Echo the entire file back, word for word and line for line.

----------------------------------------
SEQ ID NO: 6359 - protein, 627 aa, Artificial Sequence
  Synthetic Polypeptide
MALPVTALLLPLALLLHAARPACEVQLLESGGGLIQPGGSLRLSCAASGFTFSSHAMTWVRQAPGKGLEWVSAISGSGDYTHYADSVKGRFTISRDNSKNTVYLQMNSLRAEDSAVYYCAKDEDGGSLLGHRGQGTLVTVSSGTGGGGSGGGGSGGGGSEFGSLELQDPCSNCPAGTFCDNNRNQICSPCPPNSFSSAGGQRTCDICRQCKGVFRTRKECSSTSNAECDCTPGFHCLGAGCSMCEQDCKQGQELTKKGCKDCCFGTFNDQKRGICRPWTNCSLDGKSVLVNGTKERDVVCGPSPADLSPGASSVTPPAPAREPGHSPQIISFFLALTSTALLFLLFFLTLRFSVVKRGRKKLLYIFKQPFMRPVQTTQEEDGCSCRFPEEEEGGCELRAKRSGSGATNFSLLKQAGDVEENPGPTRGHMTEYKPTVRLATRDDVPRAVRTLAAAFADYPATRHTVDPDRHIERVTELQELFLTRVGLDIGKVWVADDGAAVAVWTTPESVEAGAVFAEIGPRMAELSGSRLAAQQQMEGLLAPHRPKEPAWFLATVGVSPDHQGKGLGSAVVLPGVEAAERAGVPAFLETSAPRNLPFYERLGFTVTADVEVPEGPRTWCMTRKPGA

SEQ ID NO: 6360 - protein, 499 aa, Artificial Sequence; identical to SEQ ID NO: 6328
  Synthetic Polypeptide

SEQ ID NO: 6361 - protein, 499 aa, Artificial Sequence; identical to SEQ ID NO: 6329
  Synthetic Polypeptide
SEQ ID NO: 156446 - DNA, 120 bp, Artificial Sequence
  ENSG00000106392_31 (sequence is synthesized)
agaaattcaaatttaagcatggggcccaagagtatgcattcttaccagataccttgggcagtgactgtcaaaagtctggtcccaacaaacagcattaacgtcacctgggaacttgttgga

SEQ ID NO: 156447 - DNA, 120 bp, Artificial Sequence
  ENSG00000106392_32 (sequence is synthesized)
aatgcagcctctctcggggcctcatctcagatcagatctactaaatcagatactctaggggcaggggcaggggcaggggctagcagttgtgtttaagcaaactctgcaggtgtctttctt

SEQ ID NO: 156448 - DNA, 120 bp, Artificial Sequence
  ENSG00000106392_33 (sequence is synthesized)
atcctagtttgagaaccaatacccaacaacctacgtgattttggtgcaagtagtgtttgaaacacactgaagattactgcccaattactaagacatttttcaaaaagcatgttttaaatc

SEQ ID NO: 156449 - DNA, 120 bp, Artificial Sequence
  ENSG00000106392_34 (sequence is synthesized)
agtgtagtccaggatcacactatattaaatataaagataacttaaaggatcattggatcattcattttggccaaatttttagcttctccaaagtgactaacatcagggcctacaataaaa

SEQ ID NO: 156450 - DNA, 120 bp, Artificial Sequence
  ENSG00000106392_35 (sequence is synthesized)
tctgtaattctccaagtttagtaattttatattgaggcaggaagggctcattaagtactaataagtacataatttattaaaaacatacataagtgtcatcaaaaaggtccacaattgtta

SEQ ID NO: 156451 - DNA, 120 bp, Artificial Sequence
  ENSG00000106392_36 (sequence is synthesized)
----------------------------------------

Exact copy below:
SEQ ID NO: 6359 - protein, 627 aa, Artificial Sequence
  Synthetic Polypeptide
MALPVTALLLPLALLLHAARPACEVQLLESGGGLIQPGGSLRLSCAASGFTFSSHAMTWVRQAPGKGLEWVSAISGSGDYTHYADSVKGRFTISRDNSKNTVYLQMNSLRAEDSAVYYCAKDEDGGSLLGHRGQGTLVTVSSGTGGGGSGGGGSGGGGSEFGSLELQDPCSNCPAGTFCDNNRNQICSPCPPNSFSSAGGQRTCDICRQCKGVFRTRKECSSTSNAECDCTPGFHCLGAGCSMCEQDCKQGQELTKKGCKDCCFGTFNDQKRGICRPWTNCSLDGKSVLVNGTKERDVVCGPSPADLSPGASSVTPPAPAREPGHSPQIISFFLALTSTALLFLLFFLTLRFSVVKRGRKKLLYIFKQPFMRPVQTTQEEDGCSCRFPEEEEGGCELRAKRSGSGATNFSLLKQAGDVEENPGPTRGHMTEYKPTVRLATRDDVPRAVRTLAAAFADYPATRHTVDPDRHIERVTELQELFLTRVGLDIGKVWVADDGAAVAVWTTPESVEAGAVFAEIGPRMAELSGSRLAAQQQMEGLLAPHRPKEPAWFLATVGVSPDHQGKGLGSAVVLPGVEAAERAGVPAFLETSAPRNLPFYERLGFTVTADVEVPEGPRTWCMTRKPGA

SEQ ID NO: 6360 - protein, 499 aa, Artificial Sequence; identical to SEQ ID NO: 6328
  Synthetic Polypeptide

SEQ ID NO: 6361 - protein, 499 aa, Artificial Sequence; identical to SEQ ID NO: 6329
  Synthetic Polypeptide
SEQ ID NO: 156446 - DNA, 120 bp, Artificial Sequence
  ENSG00000106392_31 (sequence is synthesized)
agaaattcaaatttaagcatggggcccaagagtatgcattcttaccagataccttgggcagtgactgtcaaaagtctggtcccaacaaacagcattaacgtcacctgggaacttgttgga

SEQ ID NO: 156447 - DNA, 120 bp, Artificial Sequence
  ENSG00000106392_32 (sequence is synthesized)
aatgcagcctctctcggggcctcatctcagatcagatctactaaatcagatactctaggggcaggggcaggggcaggggctagcagttgtgtttaagcaaactctgcaggtgtctttctt

SEQ ID NO: 156448 - DNA, 120 bp, Artificial Sequence
  ENSG00000106392_33 (sequence is synthesized)
atcctagtttgagaaccaatacccaacaacctacgtgattttggtgcaagtagtgtttgaaacacactgaagattactgcccaattactaagacatttttcaaaaagcatgttttaaatc

SEQ ID NO: 156449 - DNA, 120 bp, Artificial Sequence
  ENSG00000106392_34 (sequence is synthesized)
agtgtagtccaggatcacactatattaaatataaagataacttaaaggatcattggatcattcattttggccaaatttttagcttctccaaagtgactaacatcagggcctacaataaaa

SEQ ID NO: 156450 - DNA, 120 bp, Artificial Sequence
  ENSG00000106392_35 (sequence is synthesized)
tctgtaattctccaagtttagtaattttatattgaggcaggaagggctcattaagtactaataagtacataatttattaaaaacatacataagtgtcatcaaaaaggtccacaattgtta

SEQ ID NO: 156451 - DNA, 120 bp, Artificial Sequence
  ENSG00000106392_36 (sequence is synthesized)